WI same-sex marriage ban struck down

WI same-sex marriage ban struck down

Wisconsin joined the growing number of states Friday where federal judges have struck down same-sex marriage bans.

GREEN BAY, Wis. (WFRV) Wisconsin joined the growing number of states Friday where federal judges have struck down same-sex marriage bans.  The judge found the ban unconstitutional and went on to say that same-sex couples are entitled to the same treatment as any heterosexual couple. As you might expect the LGBT community is reacting strongly to this decision.

Voters in Wisconsin amended the Wisconsin Constitution in 2006 to outlaw gay marriage. Now the future of that law is in question.             

For Christine Smith and Julie Konik, the ruling by a U.S. District judge - that strikes down Wisconsin's ban on same-sex marriage - is the natural progression of a changing culture in the country.

"Look at the states around us," said Smith. "Minnesota, Illinois and Iowa all have marriage equality - so it's about time Wisconsin did."

The law had been challenged by the American Civil Liberties Union on behalf of eight same-sex couples,   seeking freedom to marry in the state or to have their out of state marriages officially recognized.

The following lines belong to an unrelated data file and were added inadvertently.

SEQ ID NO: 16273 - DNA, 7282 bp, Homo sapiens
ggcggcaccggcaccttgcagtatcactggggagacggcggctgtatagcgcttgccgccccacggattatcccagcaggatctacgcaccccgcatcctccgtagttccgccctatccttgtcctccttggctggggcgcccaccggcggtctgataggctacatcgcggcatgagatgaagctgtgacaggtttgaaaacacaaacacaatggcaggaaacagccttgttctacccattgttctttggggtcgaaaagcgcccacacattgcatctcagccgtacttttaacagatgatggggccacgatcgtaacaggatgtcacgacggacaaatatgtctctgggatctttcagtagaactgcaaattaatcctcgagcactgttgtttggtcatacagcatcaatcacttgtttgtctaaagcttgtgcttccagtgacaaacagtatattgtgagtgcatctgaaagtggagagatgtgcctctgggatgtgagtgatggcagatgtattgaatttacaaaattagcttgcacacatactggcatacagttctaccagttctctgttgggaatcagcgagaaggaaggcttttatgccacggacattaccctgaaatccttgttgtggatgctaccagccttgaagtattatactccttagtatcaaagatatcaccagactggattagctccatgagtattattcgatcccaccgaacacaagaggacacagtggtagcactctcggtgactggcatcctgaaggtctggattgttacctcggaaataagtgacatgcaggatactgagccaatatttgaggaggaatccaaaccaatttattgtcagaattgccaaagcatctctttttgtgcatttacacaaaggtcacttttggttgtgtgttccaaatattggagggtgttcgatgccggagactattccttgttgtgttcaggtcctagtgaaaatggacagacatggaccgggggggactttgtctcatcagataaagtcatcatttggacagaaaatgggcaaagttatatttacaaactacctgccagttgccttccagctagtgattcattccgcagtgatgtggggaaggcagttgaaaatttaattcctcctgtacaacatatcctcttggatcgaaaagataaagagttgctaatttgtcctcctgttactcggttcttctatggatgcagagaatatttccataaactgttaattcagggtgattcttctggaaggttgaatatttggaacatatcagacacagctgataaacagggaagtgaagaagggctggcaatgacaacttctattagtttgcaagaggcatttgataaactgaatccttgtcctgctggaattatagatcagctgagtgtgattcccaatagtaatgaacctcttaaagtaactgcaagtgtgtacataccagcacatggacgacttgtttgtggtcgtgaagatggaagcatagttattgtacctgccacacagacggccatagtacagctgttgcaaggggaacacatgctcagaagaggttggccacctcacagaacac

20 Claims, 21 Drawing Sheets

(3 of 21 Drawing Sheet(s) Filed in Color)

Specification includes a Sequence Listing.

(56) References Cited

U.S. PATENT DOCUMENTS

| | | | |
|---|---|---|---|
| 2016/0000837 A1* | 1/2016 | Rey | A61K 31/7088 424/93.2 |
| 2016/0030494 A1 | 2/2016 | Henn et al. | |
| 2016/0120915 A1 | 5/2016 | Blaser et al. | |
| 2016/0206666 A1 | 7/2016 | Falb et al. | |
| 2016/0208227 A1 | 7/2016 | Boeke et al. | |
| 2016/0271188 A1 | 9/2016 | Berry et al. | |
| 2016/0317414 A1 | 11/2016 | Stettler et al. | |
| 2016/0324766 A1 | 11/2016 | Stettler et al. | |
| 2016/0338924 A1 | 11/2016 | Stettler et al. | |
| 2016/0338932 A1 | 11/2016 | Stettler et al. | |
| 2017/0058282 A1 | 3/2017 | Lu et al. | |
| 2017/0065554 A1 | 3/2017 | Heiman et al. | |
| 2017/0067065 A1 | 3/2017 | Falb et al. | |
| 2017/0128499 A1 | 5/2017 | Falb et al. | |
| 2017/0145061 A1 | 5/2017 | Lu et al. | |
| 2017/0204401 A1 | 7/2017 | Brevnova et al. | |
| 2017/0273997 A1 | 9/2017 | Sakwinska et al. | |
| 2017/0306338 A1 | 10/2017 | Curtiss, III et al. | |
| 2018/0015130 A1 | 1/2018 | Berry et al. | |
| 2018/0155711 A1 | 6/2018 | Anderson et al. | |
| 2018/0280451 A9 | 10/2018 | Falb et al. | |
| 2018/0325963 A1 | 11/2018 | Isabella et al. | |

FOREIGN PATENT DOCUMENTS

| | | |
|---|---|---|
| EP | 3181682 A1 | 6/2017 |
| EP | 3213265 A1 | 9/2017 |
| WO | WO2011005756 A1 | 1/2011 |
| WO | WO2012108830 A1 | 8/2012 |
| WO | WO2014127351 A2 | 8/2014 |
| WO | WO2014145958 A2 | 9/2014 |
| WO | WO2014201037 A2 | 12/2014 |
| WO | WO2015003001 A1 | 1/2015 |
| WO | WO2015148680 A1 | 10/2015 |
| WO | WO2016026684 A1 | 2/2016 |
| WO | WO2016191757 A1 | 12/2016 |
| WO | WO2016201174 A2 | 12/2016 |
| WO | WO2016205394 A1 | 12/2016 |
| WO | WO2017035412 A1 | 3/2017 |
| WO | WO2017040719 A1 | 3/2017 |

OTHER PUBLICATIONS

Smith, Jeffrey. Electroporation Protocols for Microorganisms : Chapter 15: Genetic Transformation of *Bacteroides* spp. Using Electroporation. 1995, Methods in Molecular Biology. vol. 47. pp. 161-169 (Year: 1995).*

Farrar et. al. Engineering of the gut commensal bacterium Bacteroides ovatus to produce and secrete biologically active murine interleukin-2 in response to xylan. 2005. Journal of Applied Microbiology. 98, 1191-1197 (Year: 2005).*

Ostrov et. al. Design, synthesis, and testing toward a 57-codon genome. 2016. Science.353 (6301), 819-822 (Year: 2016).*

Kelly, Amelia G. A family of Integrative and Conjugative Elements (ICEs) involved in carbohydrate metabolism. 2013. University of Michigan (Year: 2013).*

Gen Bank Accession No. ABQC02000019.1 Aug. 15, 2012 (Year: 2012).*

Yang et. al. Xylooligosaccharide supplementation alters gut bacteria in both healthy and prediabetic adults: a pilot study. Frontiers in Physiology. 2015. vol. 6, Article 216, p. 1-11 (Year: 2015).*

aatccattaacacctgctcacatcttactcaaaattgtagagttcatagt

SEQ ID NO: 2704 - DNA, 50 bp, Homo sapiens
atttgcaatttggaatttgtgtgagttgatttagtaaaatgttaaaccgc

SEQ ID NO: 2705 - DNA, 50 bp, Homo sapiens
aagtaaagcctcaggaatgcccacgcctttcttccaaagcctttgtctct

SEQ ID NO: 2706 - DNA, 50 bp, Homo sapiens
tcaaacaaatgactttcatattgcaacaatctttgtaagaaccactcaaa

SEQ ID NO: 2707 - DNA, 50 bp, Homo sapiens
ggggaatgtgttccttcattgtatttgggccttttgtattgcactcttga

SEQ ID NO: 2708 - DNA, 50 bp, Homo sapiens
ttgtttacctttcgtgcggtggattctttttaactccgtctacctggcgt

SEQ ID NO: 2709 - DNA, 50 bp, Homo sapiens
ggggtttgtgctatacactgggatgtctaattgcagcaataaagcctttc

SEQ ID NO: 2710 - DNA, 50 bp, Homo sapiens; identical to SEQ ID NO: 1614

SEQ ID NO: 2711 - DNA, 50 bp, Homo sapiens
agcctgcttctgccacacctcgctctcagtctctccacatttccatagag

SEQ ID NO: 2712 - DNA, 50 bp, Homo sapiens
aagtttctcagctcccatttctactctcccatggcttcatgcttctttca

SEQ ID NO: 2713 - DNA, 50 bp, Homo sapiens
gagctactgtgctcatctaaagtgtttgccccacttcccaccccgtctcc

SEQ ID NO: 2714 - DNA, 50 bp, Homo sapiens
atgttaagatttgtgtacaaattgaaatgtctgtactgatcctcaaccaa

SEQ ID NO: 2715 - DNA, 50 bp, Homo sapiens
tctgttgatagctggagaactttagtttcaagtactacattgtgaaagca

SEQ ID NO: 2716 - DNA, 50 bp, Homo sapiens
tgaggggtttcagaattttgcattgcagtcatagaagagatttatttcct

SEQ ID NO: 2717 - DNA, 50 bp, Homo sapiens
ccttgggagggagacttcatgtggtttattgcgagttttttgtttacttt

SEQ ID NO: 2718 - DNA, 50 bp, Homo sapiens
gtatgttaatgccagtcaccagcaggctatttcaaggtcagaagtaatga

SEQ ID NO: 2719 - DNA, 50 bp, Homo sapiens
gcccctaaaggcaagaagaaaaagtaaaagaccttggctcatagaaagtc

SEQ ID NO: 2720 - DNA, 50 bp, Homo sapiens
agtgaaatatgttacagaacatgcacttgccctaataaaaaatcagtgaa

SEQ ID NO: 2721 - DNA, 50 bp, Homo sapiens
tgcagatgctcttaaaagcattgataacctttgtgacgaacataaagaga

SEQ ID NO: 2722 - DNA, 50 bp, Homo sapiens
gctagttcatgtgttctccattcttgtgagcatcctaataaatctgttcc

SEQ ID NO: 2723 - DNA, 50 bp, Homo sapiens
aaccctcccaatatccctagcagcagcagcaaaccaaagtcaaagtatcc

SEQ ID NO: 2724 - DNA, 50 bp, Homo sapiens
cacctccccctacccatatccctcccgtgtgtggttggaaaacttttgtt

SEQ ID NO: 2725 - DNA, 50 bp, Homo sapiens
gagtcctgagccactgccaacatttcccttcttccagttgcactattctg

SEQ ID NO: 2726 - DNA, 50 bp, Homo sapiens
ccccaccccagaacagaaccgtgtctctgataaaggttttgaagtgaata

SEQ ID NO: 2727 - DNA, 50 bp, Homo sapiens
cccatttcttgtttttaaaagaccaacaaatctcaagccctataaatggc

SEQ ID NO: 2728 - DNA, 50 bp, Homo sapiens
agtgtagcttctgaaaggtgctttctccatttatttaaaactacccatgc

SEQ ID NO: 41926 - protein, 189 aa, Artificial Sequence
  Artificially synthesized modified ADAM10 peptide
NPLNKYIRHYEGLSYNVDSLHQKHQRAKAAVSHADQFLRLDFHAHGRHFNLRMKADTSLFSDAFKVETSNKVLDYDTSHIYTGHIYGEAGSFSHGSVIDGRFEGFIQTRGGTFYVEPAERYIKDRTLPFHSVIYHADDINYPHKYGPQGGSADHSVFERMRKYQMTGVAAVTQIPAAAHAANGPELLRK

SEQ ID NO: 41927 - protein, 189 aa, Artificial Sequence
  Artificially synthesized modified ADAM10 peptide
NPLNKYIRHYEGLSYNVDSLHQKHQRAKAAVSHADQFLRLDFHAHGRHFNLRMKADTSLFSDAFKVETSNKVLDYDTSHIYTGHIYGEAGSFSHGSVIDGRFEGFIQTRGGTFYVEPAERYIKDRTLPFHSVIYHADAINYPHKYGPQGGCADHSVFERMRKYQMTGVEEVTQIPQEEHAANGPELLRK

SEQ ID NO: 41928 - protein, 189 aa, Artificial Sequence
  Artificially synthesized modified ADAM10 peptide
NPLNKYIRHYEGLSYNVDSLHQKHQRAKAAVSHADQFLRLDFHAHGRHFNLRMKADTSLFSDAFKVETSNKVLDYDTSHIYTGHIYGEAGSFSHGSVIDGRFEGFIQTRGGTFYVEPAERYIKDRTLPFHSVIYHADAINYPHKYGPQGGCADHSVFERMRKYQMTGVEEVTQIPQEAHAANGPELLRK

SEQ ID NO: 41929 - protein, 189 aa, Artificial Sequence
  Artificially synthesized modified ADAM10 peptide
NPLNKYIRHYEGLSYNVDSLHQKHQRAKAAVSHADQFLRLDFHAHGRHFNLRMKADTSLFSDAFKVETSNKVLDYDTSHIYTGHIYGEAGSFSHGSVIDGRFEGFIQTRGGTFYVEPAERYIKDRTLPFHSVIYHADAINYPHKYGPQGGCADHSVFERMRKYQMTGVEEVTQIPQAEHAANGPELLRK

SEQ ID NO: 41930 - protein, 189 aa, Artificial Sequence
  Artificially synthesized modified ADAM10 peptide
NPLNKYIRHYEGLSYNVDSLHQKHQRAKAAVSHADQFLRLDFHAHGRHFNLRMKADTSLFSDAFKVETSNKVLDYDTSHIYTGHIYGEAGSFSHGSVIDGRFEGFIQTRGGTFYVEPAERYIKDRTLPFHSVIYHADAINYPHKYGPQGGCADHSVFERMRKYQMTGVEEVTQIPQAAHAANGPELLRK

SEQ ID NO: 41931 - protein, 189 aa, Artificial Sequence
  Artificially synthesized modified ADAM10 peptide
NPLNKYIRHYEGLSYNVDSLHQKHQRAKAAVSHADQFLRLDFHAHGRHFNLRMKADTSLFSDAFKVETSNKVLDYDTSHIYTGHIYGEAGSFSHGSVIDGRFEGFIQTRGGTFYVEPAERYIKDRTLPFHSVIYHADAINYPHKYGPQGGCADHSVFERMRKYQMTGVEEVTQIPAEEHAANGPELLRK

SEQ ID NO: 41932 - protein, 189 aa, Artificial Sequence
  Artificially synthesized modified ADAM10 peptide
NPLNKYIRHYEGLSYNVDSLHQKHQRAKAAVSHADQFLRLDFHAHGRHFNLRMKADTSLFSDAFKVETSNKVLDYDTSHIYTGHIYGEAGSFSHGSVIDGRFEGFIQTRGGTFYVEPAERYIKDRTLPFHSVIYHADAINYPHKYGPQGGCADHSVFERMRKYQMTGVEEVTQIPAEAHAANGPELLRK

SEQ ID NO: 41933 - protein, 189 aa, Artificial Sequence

Smith and Konik, who married in Canada in 2005, say for too long gay couples, have been denied the constitutional rights married couples enjoy, based on their gender.

"I love my partner dearly and the fact we can be recognized by the state is just incredible," Konik said.

"It is really solidifying the relationship and saying to everyone - we are a couple," Smith added.

Within hours of the ruling, same-sex couples in Milwaukee and Dane counties came to clerk's offices looking to file marriage licenses.

"All families deserve to be recognized and have the same legal protection to take care of each other," said Katie Belanger of Fair Wisconsin.

On the other side, Wisconsin Attorney General, J.B. Van Hollen, has vowed to appeal.  In a released statement, he said, "While today's decision is a setback, we will continue to defend the constitutionality of our traditional marriage laws and the constitutional amendment, which was overwhelmingly approved by voters."

 It is a decision this couple calls unfortunate because on the issue of same-sex marriage, they are convinced the tide has turned in their favor.

 "The recent polling is that the majority of Wisconsinites support marriage equality, so he can be successful legally but it doesn't mean he's on the right side of history," said Smith.

 "As the demographic of voters' change - it inevitable there will be a move toward equality," Konik said.

 Late Friday afternoon J.B.Van Hollen filed a motion in U.S. District court - seeking an emergency stay on the ruling.

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